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3 Website Fashion Trends to Follow
Kate Gingold
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3 Website Fashion Trends to Follow

The Sprocket Report

Your teens insist on having the latest look in back-to-school clothes so peers can see at a glance that they are hip, cool or whatever the current slang for “up-to-date” is. Website designs have trends, too. Is your site embarrassingly unfashionable? Take a look at these three trends.

Between Microsoft’s release of Windows 8 last summer and Apple’s final iOS 7 release happening shortly, visual designers have been greatly influenced and it’s showing up more often on websites. Even if you’re not a trend follower, you have no doubt seen this graphics movement yourself.

The changing look of websites is mainly due to the growing use of mobile technology. Reacting to the limits of mobile such as download speed and screen size, the user experience can be improved by changing the way websites are laid out. Read on for the three biggest design trends that you can use on your own website.

Flat Design

The wooden bookshelf and yellow post-it note backgrounds that used to be so cute on the iphone are a thing of the past as graphic artists jump on the minimalist flat design bandwagon. Imitating three-dimensional objects has given way to simple boxes that are clean and colorful and lined up neatly for quick perusal. While written content is still important, it’s stripped down to essentials and generously augmented with graphics and lots of white space.

Proving "form follow function," this trend toward flat design stems from the increased use of mobile devices. Long text blocks get too teeny to read on a small screen and white space buffers help reduce "fat finger" mistakes on navigation buttons.

Infinite Scroll

Some websites created today are basically just one page. One really, really long page, broken up with multiple banner graphics or headlines that let visitors scroll down seemingly forever. Even sites that require separate pages for specific functions are using this style on their home page or landing page.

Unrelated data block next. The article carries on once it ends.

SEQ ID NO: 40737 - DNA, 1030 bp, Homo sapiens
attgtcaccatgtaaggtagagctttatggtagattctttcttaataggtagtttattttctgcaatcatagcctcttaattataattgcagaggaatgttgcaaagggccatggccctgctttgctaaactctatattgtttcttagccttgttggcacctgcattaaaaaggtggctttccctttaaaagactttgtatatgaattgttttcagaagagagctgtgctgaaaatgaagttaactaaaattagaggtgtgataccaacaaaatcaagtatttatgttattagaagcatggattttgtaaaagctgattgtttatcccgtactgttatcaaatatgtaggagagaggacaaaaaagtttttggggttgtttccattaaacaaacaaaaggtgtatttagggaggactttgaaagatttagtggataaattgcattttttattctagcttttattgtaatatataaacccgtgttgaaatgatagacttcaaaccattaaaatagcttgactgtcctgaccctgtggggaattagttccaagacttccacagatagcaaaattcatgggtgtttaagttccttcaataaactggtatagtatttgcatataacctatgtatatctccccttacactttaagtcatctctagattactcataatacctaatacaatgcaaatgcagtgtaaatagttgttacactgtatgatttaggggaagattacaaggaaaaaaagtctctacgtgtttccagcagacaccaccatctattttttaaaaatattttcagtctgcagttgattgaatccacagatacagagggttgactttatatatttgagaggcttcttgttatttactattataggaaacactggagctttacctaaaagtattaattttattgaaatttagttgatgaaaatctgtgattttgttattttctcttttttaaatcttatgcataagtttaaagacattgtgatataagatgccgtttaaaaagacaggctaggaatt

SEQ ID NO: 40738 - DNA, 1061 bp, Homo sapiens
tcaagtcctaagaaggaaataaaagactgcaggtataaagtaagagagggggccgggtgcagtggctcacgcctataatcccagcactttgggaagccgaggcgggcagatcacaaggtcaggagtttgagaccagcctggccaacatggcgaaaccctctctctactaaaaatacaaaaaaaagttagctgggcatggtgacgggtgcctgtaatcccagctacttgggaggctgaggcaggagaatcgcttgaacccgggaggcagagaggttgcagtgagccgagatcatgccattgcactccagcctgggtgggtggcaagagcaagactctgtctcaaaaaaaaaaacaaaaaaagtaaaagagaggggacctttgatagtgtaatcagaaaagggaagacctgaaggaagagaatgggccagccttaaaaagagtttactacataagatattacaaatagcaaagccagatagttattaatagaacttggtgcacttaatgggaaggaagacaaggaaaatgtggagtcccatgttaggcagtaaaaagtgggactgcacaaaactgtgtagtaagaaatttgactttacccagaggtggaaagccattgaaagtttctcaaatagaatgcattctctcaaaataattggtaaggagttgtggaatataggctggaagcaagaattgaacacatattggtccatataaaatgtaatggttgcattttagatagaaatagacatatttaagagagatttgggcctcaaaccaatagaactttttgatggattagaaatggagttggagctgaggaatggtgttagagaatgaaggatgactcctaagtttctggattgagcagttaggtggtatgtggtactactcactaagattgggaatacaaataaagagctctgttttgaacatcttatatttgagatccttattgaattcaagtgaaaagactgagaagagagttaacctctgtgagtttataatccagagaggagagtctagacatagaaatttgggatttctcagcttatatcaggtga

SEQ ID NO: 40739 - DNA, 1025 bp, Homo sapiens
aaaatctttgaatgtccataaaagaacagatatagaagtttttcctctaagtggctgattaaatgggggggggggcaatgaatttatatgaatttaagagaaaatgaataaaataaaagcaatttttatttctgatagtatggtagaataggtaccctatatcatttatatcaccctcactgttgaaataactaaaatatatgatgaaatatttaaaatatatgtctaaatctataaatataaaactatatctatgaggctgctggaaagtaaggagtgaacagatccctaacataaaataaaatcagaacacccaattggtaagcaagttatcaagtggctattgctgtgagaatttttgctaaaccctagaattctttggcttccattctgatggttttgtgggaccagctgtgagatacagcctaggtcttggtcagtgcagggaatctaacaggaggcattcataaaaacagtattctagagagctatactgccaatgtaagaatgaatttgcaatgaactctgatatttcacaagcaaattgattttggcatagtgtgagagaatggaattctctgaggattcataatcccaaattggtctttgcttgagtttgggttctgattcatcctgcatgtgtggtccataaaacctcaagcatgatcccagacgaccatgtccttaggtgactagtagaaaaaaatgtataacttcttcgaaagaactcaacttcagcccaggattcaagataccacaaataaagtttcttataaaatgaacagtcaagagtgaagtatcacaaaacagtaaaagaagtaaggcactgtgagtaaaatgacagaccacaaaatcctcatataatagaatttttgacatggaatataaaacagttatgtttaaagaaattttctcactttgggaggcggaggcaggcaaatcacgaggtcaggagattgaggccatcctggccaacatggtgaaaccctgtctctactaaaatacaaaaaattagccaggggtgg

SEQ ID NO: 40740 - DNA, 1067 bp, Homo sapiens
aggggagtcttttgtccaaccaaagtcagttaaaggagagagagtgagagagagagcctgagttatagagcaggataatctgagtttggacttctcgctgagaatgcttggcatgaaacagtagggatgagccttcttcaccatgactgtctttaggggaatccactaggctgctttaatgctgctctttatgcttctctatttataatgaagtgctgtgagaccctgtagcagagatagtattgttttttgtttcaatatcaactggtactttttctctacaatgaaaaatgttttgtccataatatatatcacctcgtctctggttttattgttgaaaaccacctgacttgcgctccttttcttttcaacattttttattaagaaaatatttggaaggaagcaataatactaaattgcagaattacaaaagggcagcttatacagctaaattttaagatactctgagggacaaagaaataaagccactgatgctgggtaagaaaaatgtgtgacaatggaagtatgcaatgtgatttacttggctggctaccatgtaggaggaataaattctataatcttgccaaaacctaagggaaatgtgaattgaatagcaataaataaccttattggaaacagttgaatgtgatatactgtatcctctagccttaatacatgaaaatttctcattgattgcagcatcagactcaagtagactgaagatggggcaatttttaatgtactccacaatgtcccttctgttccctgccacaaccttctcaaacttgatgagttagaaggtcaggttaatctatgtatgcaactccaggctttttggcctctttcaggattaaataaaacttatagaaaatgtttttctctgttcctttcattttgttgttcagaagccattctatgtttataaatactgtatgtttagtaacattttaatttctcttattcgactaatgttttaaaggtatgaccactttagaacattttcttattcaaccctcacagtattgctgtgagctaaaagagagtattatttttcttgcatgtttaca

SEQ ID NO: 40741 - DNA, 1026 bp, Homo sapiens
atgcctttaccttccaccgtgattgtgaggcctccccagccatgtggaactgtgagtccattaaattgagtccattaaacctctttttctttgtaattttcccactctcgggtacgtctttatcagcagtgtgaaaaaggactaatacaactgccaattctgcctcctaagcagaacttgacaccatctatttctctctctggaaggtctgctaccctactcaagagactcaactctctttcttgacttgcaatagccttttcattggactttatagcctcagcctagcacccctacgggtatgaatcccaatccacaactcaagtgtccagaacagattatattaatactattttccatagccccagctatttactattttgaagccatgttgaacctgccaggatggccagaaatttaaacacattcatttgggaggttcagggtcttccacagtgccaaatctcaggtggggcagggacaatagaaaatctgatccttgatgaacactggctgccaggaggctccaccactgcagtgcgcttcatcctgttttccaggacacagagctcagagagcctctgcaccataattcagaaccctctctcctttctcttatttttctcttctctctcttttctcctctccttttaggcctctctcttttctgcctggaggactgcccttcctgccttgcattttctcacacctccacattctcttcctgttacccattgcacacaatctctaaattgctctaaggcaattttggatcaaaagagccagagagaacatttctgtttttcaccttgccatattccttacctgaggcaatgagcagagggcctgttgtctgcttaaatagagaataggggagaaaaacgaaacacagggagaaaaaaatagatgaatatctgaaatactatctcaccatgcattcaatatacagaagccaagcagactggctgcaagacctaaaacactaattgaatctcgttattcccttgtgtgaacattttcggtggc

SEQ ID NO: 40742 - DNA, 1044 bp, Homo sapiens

Again, this design trend arises from mobile viewing. Rather than tap on a navigation button and wait for the new page to load, which can sometimes be a lengthy process if your signal isn’t strong, you can just flick the screen up a few times to find the info you need.

Responsive Layout

As you can see from the previous design trends, mobile technology continues to grow and you can’t pretend it isn’t. Mobile is not just for people who spend money for cutting-edge technology. Given a limited budget that doesn’t allow for both a phone AND a home computer, guess what folks will choose? Exactly! So people are visiting your website on their mobile devices out of convenience as well as out of necessity. You need to be ready for them.

Building and maintaining a single website that works well on a wide range of mobile devices makes more sense than creating separate websites or apps. Responsive Design means that your site is coded to appropriately size and arrange itself to the screen on which it is viewed, whether a phone, tablet or laptop, for optimal readability.

Responsive design technology is exploding and influencing the look of the web. Contact us today to talk about what can be done to outfit your website in the latest fashion and establish your organization’s cool factor.

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Kate Gingold

Kate GingoldKate Gingold

I have been writing a blog with web marketing tips and techniques every other week since 2003. In addition to blogging and client content writing, I write books and a blog on local history.

Other posts by Kate Gingold
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Full biography

I have been writing a blog with web marketing tips and techniques every other week since 2003. In addition to blogging and client content writing, I write books and a blog on local history.


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